Using Geological Expression Techniques to Reveal Complex Regional Structural Information Without Conventional Interpretation
The workflows applied in the interpretation of regional structure in post-stack 3D seismic datasets evolved from techniques developed when 2D seismic first arose decades ago as a regional mapping tool. Nowadays, despite the high-resolution of 3D surveys and the availability of high-end processing machines, the techniques most commonly applied have not advanced significantly. Principally, structural interpretation of 3D seismic is achieved through the manual picking of faults on inlines and crosslines and then defining the geological context of the results. Occasionally this will be aided by seismic attributes or automated techniques. This can be inefficient for several reasons: firstly, manual interpretation is very time consuming. Secondly, there is a high risk of subjectivity. Work may also be rushed or details insufficiently examined. This paper discusses a fully-3D analysis of a dataset, using Geological Expression techniques, in order to determine what results can be obtained without manual picking. The goal of Geological Expression is to define distinct geological elements within the seismic, using data driven but interpreter guided processes to carry out analysis. The techniques include analysis of structural orientations within the data using volumetric dip and azimuth, extraction of different generations of faulting, and integration with knowledge of other exploration goals in the region. After illuminating the data in terms of separate geological domains, the analysis highlighted results that can be confidently interpreted as fault extension and reactivation through a regional capping lithology, which represents a notable seal failure risk. The use of volumetric techniques provided a basis for quantitative analysis to validate the ongoing interpretation.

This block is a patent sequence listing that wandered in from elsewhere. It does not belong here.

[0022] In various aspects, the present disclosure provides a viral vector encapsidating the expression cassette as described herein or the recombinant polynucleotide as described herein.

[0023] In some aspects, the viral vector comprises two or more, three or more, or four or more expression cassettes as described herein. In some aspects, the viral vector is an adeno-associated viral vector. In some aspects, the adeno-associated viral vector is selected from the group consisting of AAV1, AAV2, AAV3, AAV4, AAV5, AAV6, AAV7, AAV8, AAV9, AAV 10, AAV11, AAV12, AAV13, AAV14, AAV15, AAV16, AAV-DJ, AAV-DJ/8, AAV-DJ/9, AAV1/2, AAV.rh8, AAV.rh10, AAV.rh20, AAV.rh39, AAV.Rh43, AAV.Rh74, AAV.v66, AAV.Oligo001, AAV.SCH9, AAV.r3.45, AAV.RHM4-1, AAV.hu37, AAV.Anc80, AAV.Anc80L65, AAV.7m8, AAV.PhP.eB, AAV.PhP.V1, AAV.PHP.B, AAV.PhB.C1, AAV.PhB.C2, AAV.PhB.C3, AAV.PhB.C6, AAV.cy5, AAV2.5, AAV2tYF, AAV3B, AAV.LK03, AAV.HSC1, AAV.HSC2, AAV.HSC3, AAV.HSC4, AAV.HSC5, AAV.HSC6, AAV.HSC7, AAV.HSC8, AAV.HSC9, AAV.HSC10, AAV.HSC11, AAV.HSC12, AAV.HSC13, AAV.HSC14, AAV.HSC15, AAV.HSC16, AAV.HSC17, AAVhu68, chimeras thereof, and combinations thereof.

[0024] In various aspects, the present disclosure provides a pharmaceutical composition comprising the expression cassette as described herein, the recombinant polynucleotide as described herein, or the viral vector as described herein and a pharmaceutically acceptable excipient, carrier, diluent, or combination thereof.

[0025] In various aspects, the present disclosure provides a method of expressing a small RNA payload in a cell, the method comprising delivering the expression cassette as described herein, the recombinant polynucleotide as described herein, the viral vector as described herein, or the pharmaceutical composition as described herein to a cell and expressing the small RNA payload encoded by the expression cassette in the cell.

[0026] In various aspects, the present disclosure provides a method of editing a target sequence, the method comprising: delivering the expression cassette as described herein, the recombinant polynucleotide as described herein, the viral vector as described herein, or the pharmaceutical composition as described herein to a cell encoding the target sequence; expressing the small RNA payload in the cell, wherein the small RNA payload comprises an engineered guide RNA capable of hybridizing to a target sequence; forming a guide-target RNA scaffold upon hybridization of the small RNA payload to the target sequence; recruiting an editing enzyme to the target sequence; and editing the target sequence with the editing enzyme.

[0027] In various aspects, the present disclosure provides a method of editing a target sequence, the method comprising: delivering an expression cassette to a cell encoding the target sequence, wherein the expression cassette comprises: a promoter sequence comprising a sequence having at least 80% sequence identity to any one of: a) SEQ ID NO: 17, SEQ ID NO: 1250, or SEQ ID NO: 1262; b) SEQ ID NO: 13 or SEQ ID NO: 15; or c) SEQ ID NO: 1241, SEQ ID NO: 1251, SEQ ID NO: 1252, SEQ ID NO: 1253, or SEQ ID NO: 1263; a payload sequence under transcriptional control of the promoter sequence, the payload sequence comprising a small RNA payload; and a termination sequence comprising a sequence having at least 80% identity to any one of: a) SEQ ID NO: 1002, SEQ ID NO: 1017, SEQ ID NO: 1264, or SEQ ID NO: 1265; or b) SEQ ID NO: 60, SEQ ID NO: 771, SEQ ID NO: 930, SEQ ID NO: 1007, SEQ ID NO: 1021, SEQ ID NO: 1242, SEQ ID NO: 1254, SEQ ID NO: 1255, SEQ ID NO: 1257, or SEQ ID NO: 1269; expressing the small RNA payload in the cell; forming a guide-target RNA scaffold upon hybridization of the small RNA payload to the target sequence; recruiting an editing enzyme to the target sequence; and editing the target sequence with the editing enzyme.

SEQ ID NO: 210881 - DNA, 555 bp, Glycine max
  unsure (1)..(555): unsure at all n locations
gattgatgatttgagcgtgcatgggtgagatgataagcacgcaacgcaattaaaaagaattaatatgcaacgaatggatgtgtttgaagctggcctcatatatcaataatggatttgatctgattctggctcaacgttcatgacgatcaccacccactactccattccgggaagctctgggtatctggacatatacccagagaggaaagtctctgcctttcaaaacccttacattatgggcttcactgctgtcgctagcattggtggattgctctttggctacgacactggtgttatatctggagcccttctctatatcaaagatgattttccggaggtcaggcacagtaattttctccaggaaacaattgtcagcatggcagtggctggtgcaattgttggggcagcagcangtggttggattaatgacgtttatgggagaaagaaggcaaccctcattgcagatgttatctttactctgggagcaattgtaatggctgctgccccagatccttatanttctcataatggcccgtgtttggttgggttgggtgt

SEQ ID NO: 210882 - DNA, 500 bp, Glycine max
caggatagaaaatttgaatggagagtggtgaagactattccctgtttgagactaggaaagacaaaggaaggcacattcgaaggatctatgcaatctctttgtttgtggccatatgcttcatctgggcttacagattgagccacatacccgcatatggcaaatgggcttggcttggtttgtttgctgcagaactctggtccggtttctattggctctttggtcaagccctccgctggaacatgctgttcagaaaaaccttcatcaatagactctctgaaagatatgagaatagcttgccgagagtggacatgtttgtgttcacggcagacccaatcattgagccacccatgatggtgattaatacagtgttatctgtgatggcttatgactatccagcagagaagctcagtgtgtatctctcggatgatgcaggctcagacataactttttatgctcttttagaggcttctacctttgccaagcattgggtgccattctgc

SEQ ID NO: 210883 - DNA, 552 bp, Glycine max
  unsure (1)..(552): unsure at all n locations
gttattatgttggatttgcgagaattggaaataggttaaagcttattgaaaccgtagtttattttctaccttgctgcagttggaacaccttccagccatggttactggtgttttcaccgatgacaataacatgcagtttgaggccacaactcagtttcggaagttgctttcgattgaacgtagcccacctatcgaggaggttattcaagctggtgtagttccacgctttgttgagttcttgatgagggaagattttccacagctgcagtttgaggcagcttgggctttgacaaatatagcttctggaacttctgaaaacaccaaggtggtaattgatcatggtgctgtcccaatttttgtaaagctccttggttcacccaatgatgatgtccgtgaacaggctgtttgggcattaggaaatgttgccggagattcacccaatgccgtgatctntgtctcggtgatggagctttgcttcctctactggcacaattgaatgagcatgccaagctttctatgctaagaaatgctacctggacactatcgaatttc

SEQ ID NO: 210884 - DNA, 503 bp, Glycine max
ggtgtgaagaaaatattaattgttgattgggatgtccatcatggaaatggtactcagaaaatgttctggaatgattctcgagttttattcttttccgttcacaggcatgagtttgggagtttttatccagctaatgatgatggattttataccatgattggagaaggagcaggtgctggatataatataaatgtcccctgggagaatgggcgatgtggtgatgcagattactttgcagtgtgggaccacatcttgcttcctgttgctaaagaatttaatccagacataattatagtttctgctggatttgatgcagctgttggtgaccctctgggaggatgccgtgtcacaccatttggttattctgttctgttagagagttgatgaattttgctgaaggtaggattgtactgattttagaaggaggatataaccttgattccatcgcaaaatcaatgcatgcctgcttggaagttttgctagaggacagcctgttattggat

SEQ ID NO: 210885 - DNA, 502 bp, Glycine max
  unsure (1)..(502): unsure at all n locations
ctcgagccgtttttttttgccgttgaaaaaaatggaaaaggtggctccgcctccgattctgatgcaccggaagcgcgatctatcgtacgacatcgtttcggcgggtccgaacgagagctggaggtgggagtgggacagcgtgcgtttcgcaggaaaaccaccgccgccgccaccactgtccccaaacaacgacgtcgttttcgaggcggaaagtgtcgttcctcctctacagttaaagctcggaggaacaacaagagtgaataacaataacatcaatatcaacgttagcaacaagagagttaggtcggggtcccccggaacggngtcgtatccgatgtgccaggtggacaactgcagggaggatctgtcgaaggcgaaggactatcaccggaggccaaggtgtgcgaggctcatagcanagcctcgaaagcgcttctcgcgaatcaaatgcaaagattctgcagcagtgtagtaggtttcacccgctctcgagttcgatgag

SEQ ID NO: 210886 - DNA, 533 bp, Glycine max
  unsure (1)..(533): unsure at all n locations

AAPG Search and Discovery Article #90167©2013 GCAGS and GCSSEPM 63rd Annual Convention, New Orleans, Louisiana, October 6-8, 2013